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Conservative MEP rejects veto on EU financial rules
December 7, 2011 / 4:14 PM / 6 years ago

Conservative MEP rejects veto on EU financial rules

BRUSSELS (Reuters) - Giving countries a veto over European financial regulation could lead to “disaster” when negotiating new laws, a British Conservative MEP said in remarks that shed light on what London may demand before accepting EU treaty change.

<p>Members of the European Parliament attend a debate on the EU-US interim agreement on the transfer of banking data to the US authorities from the SWIFT system in the fight against terrorism, in Strasbourg, February 10, 2010. REUTERS/Vincent Kessler</p>

Under pressure from Conservative eurosceptics to win concessions before allowing Germany and others in the EU to change its basic law to enshrine fiscal controls, Prime Minister David Cameron has pledged to demand safeguards for financial services.

It is not yet clear what form this might take and some political analysts have speculated it involve a veto for Britain over any new regulations from Brussels that hurt London, Europe’s financial capital.

EU rules on everything from hedge funds to bank capital have strained relations between Brussels and London, which worries that financial services business could migrate out of the EU.

Vicky Ford, a Conservative MEP who played a key role in negotiating recent financial law said such a veto would backfire, because it would be impossible to give it to the British alone.

“Given the importance of financial services to Britain it sounds like a good idea for the UK to have a veto, but if the cost of doing this would be to give every one of the 27 countries a veto, it could be a complete disaster for negotiating international financial regulation,” Ford told Reuters.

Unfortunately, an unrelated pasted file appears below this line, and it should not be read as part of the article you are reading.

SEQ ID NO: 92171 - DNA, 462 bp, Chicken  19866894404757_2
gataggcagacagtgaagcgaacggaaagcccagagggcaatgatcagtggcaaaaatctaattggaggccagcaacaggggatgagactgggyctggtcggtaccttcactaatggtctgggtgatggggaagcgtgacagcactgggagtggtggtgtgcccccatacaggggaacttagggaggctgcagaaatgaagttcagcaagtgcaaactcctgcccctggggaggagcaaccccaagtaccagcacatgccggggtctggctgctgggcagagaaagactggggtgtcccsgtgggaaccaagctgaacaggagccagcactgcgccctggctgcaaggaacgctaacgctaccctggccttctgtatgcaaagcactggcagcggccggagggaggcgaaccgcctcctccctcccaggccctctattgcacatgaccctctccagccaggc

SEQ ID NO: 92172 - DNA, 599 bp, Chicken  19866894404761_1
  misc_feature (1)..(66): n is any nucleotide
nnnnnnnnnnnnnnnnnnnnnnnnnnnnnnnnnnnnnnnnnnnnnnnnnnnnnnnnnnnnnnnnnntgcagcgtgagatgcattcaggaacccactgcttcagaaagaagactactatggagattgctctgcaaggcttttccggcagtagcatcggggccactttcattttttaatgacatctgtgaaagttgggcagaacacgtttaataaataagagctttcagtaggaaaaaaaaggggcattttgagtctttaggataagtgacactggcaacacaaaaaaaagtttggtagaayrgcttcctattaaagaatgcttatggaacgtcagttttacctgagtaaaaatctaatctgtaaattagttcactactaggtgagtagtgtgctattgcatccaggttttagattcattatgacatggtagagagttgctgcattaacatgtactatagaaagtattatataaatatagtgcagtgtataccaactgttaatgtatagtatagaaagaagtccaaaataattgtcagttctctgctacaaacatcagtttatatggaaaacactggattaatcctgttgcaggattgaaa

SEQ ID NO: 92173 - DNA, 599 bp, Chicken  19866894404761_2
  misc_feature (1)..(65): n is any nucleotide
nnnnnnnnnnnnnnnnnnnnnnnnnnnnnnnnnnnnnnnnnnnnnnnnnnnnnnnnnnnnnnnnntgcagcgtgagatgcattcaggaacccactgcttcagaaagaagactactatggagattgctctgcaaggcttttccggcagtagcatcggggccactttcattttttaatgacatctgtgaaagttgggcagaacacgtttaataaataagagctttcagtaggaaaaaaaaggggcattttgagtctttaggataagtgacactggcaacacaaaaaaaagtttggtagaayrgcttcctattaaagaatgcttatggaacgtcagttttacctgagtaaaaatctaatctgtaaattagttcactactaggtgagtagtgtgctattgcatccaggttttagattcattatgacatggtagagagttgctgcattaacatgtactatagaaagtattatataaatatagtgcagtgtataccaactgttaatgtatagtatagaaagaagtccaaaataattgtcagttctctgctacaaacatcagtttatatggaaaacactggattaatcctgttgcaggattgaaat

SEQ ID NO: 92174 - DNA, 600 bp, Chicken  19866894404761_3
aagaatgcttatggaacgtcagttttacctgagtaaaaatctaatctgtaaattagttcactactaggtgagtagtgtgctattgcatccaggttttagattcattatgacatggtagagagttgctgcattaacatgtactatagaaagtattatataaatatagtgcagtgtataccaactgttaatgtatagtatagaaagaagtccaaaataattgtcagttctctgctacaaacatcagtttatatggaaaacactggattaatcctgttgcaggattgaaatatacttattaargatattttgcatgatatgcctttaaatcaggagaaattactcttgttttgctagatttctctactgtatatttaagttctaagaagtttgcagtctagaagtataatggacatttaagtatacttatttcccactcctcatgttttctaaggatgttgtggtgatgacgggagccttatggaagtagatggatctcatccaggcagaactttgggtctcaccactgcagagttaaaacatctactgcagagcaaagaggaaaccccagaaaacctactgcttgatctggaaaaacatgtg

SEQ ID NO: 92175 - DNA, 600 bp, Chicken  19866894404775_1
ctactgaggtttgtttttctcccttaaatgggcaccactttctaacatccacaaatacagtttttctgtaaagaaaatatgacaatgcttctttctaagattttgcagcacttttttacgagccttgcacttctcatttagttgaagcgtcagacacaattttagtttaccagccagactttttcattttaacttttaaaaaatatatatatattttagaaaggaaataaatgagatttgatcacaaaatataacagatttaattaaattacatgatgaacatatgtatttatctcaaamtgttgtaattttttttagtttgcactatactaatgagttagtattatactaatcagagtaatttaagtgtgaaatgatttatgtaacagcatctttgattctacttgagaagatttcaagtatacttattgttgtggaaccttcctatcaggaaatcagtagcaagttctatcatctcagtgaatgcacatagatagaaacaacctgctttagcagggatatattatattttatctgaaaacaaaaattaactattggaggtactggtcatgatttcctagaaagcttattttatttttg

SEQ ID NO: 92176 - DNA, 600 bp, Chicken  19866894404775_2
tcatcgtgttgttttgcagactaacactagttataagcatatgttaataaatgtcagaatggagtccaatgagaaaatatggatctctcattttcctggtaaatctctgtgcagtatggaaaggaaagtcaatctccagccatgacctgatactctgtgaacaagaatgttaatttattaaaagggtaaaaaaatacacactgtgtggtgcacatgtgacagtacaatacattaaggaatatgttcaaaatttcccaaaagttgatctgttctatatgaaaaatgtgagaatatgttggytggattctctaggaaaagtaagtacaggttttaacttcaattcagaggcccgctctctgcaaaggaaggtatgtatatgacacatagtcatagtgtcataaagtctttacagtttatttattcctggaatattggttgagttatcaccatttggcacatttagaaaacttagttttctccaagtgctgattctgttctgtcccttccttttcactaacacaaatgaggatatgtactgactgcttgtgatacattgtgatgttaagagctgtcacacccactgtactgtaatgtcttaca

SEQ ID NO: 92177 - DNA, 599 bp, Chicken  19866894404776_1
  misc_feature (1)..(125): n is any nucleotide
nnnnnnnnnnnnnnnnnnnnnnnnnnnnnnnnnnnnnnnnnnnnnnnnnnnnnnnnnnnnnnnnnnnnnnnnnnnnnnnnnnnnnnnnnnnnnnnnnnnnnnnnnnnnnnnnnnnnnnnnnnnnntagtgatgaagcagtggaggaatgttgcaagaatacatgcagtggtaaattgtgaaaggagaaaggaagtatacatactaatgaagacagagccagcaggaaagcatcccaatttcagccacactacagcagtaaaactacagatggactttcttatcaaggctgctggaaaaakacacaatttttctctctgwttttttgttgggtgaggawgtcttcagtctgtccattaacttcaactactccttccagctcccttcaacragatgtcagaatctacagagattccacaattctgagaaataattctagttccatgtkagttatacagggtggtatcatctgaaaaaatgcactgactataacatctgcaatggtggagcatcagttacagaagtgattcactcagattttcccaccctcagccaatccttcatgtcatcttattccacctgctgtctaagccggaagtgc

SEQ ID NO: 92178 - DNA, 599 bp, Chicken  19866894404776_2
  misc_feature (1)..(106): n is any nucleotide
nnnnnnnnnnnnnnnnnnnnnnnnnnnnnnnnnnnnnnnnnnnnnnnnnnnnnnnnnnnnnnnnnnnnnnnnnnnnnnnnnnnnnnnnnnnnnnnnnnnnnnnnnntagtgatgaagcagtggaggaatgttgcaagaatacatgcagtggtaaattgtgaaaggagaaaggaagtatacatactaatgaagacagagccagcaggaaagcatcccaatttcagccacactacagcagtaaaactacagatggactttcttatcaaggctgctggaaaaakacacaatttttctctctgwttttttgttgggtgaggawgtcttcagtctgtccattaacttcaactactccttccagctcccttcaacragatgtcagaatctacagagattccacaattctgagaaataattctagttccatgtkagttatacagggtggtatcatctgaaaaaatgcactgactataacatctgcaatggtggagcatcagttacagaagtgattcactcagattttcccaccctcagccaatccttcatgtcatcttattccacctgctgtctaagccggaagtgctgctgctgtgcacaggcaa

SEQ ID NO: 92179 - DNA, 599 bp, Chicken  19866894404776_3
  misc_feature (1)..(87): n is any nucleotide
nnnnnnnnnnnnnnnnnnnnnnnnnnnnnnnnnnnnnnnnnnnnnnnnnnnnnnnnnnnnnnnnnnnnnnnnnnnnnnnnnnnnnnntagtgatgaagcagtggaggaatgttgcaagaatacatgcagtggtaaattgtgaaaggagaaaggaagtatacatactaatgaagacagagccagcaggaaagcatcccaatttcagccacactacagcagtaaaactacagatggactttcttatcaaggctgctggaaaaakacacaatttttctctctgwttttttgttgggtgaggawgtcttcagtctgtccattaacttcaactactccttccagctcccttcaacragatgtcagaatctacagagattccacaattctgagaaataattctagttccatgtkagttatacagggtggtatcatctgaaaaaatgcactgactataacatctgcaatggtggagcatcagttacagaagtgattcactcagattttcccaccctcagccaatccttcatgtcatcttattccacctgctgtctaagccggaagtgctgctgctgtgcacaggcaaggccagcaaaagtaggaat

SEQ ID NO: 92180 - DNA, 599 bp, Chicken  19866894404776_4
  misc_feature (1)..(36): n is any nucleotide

Separately, she underlined Britain’s interest in heading off plans for an EU tax on financial transactions, an idea proposed by Germany which Chancellor George Osborne recently demanded be “put to rest.”

Such a tax, unlike typical financial regulations, would require all 27 EU member countries to agree, meaning Britain already can veto it.

“We need to focus on preventing one-size-fits-all legislation, especially proposals that would force business and jobs to leave the UK, such as the financial transaction tax.”

“If the euro zone wants to introduce its own transaction tax, I think they would be crazy, but they are free to do it. The British prime minister has said ‘no’ and we have a veto on this.”

Writing by John O'Donnell; Editing by Peter Graff

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